Photo Credit: courtesy of IDE Technologies.
Israel's Sorek Desalination Plant.

On Sunday, PM Benjamin Netanyahu’s cabinet approved an urgent plan to deal with Israel’s drought problem.

Five consecutive drought years have threatened the Kinneret (Sea of Galilee), Jordan River, and the Dead Sea. According to a recent AP reports, “the Sea of Galilee stands at a century low, much of the Jordan River is a fetid trickle and the Dead Sea is rapidly shrinking.”

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In late 2013, Israel’s Water Authority assured the country there was adequate water supply until the end of 2025, a promise that was followed generous rainfall in 2014-15, including the heaviest recorded snowstorm that shut down Jerusalem. Euphoric water officials were convinced Israel’s water problems were over, and so they cancelled a purchase of 100 million cubic meters from local desalination plants. This euphoria in turned encouraged Israelis to raise water consumption, and then the drought came back and the Water Authority was forced in December 2017 to increase the purchase of desalinated water by some 75 million cubic meters.

On Sunday, the PM explained: “This problem stems from climatic changes and other reasons. Over the years, Israel has shown an amazing ability to deal with the water problem, which has caused endless conflicts in our region for thousands of years, also in the new era. But thanks to technology, initiatives and creativity, we have succeeded in overcoming it.

“The plan that Energy Minister Yuval Steinitz will present today has several innovative features including the construction of two new desalination plants in order to increase the quantity of desalinated water in Israel.

“But it also has two special, unusual elements: One, the channeling of desalinated water to the Kinneret. Usually we pump water from the Kinneret and bring to various parts of the country. Here we are bringing desalinated water to the Kinneret because as we desalinate water on the coast in the water it goes to waste because there is no use for it. Now we are turning the Kinneret into a reservoir for desalinated water. This is innovative and important, at least to the extent we are doing this, and has not been done until now.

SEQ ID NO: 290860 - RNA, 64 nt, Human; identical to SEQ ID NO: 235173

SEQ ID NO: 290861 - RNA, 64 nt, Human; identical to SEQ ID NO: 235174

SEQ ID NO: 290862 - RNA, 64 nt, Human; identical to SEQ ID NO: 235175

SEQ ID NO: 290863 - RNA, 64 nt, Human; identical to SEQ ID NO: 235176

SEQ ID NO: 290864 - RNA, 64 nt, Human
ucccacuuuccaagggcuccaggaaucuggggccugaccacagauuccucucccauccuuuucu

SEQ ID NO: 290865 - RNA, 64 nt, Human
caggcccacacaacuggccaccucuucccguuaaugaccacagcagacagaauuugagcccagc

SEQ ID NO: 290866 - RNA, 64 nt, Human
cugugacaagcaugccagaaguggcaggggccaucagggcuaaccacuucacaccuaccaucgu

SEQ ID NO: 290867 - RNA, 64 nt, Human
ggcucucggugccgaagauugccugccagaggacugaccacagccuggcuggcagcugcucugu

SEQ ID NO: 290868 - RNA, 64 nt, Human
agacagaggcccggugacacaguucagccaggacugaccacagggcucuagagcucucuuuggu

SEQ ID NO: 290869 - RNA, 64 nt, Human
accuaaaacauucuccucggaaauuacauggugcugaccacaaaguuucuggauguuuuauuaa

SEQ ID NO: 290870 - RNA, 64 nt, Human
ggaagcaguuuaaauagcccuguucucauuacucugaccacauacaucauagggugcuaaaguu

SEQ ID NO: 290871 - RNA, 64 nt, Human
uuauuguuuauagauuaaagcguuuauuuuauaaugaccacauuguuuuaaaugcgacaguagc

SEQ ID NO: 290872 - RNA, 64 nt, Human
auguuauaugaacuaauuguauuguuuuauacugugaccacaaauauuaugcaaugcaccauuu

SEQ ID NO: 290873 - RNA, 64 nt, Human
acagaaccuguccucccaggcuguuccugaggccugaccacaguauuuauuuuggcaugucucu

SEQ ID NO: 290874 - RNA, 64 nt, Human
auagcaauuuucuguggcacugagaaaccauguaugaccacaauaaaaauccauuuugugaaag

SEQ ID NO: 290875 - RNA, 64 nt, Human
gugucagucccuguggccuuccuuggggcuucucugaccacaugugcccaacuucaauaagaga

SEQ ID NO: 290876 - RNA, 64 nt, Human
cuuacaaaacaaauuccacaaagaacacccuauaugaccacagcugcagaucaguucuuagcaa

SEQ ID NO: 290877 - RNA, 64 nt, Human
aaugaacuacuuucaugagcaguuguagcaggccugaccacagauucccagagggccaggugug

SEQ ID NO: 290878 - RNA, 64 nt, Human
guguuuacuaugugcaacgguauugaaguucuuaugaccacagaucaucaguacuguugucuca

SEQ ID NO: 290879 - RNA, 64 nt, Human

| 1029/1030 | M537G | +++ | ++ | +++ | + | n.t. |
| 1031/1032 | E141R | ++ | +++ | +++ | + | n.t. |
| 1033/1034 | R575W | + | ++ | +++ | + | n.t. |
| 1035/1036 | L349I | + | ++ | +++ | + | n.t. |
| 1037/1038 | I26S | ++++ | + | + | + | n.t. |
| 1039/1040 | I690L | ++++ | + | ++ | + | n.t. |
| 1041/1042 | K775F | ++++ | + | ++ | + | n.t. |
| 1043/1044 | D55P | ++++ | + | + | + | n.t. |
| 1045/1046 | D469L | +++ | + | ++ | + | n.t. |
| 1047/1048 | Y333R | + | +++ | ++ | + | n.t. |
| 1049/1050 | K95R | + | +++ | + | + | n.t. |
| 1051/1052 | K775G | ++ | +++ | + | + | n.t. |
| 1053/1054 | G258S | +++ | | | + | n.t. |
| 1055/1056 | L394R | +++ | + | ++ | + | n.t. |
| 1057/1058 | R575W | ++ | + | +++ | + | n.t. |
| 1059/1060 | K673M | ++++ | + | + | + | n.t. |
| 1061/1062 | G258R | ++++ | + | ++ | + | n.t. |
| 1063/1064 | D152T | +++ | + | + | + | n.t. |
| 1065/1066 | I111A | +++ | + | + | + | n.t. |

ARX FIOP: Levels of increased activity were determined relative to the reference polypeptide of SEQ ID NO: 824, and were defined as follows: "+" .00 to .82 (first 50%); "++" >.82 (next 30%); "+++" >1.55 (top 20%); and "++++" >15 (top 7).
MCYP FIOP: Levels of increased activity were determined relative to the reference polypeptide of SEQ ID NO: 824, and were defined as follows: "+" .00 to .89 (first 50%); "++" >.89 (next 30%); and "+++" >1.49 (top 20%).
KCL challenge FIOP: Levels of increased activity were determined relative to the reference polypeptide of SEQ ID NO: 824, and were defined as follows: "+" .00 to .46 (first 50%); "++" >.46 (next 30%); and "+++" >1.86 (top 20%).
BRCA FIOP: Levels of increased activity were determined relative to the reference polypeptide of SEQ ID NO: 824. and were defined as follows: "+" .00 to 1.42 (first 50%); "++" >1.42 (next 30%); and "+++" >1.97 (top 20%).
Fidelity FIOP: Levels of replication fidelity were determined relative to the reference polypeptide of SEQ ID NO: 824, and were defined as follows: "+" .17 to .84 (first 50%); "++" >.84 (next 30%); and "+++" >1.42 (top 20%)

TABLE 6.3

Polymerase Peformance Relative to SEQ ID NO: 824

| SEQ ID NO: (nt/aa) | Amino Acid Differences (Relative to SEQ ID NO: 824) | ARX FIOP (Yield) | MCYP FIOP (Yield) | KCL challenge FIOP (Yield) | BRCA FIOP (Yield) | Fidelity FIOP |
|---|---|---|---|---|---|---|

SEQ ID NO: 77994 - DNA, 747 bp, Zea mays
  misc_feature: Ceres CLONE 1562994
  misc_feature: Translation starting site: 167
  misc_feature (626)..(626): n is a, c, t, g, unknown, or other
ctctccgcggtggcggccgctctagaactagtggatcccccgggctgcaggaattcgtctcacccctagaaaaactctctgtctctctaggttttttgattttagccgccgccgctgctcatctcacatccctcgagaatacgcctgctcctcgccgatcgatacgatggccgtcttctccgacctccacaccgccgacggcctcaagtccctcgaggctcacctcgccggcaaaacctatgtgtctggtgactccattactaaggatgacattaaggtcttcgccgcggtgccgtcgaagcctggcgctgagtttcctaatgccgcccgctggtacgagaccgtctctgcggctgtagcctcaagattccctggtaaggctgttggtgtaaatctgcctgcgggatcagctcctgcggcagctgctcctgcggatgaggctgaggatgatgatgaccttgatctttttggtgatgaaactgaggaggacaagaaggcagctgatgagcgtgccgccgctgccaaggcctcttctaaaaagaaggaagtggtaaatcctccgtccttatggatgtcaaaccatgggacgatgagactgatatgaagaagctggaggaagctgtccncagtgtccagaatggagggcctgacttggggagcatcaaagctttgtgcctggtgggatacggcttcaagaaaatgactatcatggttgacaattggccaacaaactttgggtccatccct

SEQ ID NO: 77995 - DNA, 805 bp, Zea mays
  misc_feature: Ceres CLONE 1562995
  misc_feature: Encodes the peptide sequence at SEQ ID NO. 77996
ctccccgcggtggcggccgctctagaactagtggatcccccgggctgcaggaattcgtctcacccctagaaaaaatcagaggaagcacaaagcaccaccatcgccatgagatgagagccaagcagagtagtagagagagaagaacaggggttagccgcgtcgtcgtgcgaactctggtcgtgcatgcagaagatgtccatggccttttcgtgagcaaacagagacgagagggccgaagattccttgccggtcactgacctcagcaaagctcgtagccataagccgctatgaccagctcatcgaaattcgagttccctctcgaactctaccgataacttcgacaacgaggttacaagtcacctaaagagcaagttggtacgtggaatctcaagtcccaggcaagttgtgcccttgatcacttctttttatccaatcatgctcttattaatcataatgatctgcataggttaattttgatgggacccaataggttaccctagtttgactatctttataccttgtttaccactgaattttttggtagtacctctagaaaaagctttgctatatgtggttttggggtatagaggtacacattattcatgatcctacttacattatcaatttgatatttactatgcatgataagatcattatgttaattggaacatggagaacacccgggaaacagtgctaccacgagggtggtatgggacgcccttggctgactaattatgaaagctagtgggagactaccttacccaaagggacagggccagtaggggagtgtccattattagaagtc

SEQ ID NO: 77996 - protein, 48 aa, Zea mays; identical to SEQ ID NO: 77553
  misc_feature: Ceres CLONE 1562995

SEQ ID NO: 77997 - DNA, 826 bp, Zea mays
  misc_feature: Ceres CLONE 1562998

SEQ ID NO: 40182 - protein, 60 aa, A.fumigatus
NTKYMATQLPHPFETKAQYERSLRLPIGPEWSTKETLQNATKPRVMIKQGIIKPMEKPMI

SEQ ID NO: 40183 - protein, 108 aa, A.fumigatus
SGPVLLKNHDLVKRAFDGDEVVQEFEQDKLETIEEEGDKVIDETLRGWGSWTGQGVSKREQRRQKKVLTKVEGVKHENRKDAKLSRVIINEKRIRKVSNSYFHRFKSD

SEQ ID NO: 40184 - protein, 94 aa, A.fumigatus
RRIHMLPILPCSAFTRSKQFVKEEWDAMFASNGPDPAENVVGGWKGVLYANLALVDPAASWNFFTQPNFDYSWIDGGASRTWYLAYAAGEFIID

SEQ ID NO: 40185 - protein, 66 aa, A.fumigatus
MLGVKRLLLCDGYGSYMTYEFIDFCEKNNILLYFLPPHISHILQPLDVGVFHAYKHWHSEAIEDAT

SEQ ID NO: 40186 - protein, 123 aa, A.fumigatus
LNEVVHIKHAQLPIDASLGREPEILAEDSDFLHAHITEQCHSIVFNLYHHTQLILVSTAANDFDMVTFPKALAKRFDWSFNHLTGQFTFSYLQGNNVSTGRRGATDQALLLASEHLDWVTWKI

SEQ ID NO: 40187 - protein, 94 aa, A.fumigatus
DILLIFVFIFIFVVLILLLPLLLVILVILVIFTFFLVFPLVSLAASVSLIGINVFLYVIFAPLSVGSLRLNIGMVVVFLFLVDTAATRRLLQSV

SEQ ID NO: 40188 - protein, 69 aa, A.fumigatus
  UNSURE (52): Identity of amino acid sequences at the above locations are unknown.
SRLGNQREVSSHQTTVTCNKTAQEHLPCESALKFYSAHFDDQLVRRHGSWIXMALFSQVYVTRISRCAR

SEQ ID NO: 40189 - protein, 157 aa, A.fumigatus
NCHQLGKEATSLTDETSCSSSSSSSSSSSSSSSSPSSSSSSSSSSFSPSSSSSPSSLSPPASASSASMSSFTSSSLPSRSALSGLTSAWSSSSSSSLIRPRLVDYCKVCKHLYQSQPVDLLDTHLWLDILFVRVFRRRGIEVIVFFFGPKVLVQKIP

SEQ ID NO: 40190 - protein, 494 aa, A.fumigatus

“The second thing is the rehabilitation of seven streams. This speaks to me. I used to walk in these streams, I would even cross them, more than once or even twice. Of course we all regret that there is sewage there and other things that we want to fix. Therefore this correction is important not only for the water economy but for our country’s scenic vistas.”

And so, Israel once again claims the role of the world’s Desali-Nation, utilizing a process that extracts mineral components from saline water. Saltwater is desalinated to produce water suitable for human consumption or irrigation, and exploit the by-product: salt. Most of the modern interest in desalination is focused on cost-effective provision of fresh water for human use. Along with recycled wastewater, it is one of the few rainfall-independent water sources.

“The Middle East is drying up,” says Osnat Gillor, a professor at Israel’s Zuckerberg Institute for Water Research who studies the use of recycled wastewater on crops. “The only country that isn’t suffering acute water stress is Israel.”

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